''We got back to Chicago and made T-shirts to honor these guys and sold them,'' McGrath said. ''We are able to give significant financial donations to the families in Oakland and Pittsburgh just because of this T-shirt. ... We realized we had something here.''
The Brotherhood for the Fallen became official in March. Its mission is to send two Chicago police officers to every funeral for a murdered officer in the United States and give a financial contribution to that officer's family. Since March, the Brotherhood has been to 14 states and 19 funerals to honor 22 slain officers.
''Us giving to our own is always going to happen,'' McGrath said, referring to slain Chicago police officers Sgt. Alan Haymaker, Thomas Wortham IV, Thor Soderberg and Michael Bailey. ''It's a nationwide mission. The Chicago Police Memorial Foundation [which honors the lives and memories of Chicago police officers] has been a parent figure for us. They're an absolute idol that we look up to for our organization.''
There are about 100 police officers in the Brotherhood, and members pay $25 in monthly dues to offset travel costs. The organization also has contributors who aren't traveling members.
The organization had held events in the past, but nothing like the one Sept. 11 at Grand Central. Support has grown since, and police officers from New York City, Minnesota, Michigan and Arizona want to establish chapters.
''We're still in our infancy, and it's growing at a rapid pace,'' said Sgt. Matt Swain, another Brotherhood member. ''We want everyone to know that their loss is equally as important as our losses in Chicago. We have 10,000 that come together. We got wind that a lot of these small towns don't have anyone beyond their city limits.''
Showing their respect
There was a special guest at the Brotherhood's first major event, and it wasn't Keith or Bolland.
It was Michael Neal, an Arkansas Fish and Wildlife officer whom members of the Brotherhood met while attending the funeral services for West Memphis police Sgt. Brandon Paudert and officer Bill Evans.
On May 20, Neal ended a shootout with a 45-year-old man and his 16-year-old son, who had shot and killed Paudert and Evans during a traffic stop. A manhunt ensued, and Neal was a part of it.
About 90 minutes after the traffic stop, Neal slammed his state truck into the suspects' van during a shootout in a Wal-Mart parking lot. Neal also opened fired on the suspects. Neal had shrapnel in his back and glass in his face and eye. The father and son didn't survive the shootout. A video showing Neal's actions was shown at Grand Central.
''It was unbelievable,'' Bolland said. ''You see in movies all the fake guns and shootings. When you actually see real bullets flying in action, it's unbelievable. It was pretty crazy. For [Neal] to do that, it's courageous to stand in the line of a bullet. It went back and forth with bullets flying.''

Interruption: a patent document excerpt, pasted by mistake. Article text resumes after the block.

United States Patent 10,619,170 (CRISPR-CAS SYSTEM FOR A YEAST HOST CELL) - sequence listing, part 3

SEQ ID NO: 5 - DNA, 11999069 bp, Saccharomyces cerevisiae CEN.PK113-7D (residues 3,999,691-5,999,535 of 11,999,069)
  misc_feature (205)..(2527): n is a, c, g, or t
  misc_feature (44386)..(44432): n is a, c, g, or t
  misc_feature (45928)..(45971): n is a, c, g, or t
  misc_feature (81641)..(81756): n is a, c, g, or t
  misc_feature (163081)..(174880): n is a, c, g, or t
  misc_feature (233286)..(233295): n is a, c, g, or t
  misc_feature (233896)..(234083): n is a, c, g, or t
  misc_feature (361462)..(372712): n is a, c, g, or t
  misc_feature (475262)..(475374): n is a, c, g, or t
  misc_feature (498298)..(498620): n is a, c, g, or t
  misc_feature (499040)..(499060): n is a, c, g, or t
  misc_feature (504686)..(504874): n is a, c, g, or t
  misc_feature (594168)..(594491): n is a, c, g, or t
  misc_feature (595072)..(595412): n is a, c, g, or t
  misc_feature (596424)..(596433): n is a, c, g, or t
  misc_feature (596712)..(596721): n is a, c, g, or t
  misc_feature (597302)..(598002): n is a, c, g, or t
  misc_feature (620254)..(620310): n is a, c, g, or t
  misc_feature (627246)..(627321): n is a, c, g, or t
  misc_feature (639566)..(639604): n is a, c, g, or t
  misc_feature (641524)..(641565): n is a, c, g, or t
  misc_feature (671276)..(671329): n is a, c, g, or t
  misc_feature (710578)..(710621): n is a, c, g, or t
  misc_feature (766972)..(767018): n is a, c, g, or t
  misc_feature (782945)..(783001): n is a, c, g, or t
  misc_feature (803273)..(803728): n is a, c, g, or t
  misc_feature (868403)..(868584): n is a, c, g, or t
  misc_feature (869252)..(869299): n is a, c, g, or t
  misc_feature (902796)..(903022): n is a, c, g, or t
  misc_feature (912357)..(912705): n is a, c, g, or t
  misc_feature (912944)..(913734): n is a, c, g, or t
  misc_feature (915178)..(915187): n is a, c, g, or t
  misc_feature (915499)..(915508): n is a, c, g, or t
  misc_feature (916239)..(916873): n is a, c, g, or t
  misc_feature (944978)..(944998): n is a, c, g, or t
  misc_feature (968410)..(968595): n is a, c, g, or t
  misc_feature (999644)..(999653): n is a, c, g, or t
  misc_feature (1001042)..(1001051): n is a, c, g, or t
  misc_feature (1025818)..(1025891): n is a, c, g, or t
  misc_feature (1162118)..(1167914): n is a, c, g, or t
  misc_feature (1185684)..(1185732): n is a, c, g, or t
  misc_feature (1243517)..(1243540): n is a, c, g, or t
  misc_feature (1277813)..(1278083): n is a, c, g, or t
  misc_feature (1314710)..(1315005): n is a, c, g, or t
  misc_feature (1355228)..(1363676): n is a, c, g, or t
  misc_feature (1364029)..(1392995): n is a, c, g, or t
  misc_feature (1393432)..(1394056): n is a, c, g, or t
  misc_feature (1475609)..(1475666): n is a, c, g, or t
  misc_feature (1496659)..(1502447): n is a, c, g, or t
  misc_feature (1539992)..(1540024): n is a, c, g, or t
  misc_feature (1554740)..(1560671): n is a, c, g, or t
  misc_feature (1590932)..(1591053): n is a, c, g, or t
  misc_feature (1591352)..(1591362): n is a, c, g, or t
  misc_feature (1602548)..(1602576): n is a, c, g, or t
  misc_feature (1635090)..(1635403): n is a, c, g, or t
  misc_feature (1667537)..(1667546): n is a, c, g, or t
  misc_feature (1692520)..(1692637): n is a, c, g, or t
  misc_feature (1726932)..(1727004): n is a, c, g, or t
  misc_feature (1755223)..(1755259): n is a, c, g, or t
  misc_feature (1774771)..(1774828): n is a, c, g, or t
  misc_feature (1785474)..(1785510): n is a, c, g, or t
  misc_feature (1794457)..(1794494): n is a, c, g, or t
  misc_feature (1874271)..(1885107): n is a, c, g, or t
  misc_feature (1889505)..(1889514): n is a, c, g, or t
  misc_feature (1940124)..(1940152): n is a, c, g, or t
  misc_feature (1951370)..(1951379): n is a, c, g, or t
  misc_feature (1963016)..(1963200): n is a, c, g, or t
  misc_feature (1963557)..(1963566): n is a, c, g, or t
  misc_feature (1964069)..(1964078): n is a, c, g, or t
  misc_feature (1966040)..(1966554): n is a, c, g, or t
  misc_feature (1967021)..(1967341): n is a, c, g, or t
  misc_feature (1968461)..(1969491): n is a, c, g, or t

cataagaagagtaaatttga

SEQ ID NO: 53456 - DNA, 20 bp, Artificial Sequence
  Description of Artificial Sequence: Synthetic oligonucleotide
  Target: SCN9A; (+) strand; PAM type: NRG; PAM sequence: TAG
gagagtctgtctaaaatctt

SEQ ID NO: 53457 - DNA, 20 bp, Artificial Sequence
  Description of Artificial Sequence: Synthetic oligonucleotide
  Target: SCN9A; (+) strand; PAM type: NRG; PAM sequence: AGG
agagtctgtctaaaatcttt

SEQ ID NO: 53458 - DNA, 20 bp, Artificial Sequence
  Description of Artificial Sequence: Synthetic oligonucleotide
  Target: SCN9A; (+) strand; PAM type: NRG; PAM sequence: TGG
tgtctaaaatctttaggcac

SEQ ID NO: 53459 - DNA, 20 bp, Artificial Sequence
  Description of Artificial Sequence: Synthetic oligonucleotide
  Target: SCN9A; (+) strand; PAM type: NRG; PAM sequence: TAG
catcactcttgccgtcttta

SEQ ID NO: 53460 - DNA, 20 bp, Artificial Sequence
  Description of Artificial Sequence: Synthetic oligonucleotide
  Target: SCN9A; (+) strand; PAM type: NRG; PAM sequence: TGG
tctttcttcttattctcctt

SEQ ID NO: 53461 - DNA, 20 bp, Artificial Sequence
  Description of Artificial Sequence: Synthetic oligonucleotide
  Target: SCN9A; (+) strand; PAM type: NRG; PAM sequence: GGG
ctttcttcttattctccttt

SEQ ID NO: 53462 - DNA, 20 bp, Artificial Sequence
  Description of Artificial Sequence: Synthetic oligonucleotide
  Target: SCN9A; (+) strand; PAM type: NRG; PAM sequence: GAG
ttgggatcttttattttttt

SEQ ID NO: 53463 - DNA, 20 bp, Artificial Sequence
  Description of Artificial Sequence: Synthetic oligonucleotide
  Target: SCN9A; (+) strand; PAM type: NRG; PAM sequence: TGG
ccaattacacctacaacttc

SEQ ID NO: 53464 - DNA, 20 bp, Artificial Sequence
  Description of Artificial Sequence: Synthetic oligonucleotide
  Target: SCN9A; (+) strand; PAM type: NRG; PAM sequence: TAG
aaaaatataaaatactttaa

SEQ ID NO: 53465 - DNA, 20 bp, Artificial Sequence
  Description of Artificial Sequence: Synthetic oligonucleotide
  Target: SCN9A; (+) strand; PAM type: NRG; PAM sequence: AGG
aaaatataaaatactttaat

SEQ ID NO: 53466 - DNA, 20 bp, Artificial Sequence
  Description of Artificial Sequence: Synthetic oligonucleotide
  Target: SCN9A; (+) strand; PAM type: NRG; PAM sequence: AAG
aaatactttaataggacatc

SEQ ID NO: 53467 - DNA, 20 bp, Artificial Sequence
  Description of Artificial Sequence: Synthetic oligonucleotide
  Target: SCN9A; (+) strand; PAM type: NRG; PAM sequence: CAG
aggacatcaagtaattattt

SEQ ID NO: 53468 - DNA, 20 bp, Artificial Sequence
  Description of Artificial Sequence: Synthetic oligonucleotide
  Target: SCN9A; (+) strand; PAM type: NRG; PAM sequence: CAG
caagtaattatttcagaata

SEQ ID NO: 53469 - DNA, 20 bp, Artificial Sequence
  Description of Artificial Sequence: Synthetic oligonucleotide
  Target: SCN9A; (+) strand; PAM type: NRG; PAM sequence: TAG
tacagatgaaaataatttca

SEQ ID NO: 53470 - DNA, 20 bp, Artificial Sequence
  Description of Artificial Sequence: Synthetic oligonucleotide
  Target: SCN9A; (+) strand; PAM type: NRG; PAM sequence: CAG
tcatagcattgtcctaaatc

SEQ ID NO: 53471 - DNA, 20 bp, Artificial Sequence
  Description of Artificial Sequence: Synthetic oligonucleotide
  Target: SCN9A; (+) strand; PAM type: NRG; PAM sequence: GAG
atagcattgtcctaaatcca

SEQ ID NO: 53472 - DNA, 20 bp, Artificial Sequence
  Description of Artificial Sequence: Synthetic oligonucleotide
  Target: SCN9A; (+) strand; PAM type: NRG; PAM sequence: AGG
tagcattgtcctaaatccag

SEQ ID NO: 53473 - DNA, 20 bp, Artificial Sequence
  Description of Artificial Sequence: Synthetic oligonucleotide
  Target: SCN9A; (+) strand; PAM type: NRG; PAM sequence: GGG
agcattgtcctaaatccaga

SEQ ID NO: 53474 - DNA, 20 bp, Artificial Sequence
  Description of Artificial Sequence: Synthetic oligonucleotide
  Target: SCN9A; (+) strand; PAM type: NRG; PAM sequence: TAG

''It shows how courageous they are,'' Keith said. ''You think it's tough taking a slap shot when you have full equipment on, and then you see things they do. ... It really puts everything into perspective of how easy our job is.''
Money raised by the Brotherhood paid for a trip to Disney World for the children of the slain officers, McGrath said.
''To me, that's making a difference,'' he said.
Bolland and Keith made it a point to introduce themselves and to talk with Neal before leaving.
''Where I'm from in Arkansas, we don't get to meet a lot of famous people or pro athletes,'' said Neal, who now considers himself a Hawks fan. ''They were so friendly and so nice. It was unbelievable. I didn't really expect them to be as nice as they were. Even before they left, they came and found me and talked to me and told me bye and everything.
''These are pro athletes. They could have just gone out the door and not said a word to me. I would have never known the difference. For them to come find me, talk to me and say bye to me was very impressive. I was extremely impressed with those guys. Their professionalism was unbelievable. I can't say enough. I was super-shocked.
''We talked about some hockey. We talked about the Cup. [Keith] told me he got seven teeth knocked out. That was pretty neat. At least he got some pretty teeth out of it. ... I'd like to tell those Blackhawk guys that I really appreciate it. They don't know what it meant to me.''
But this isn't about Bolland or Keith.
''We wanted to say thank you,'' Keith said. ''What he did was courageous.''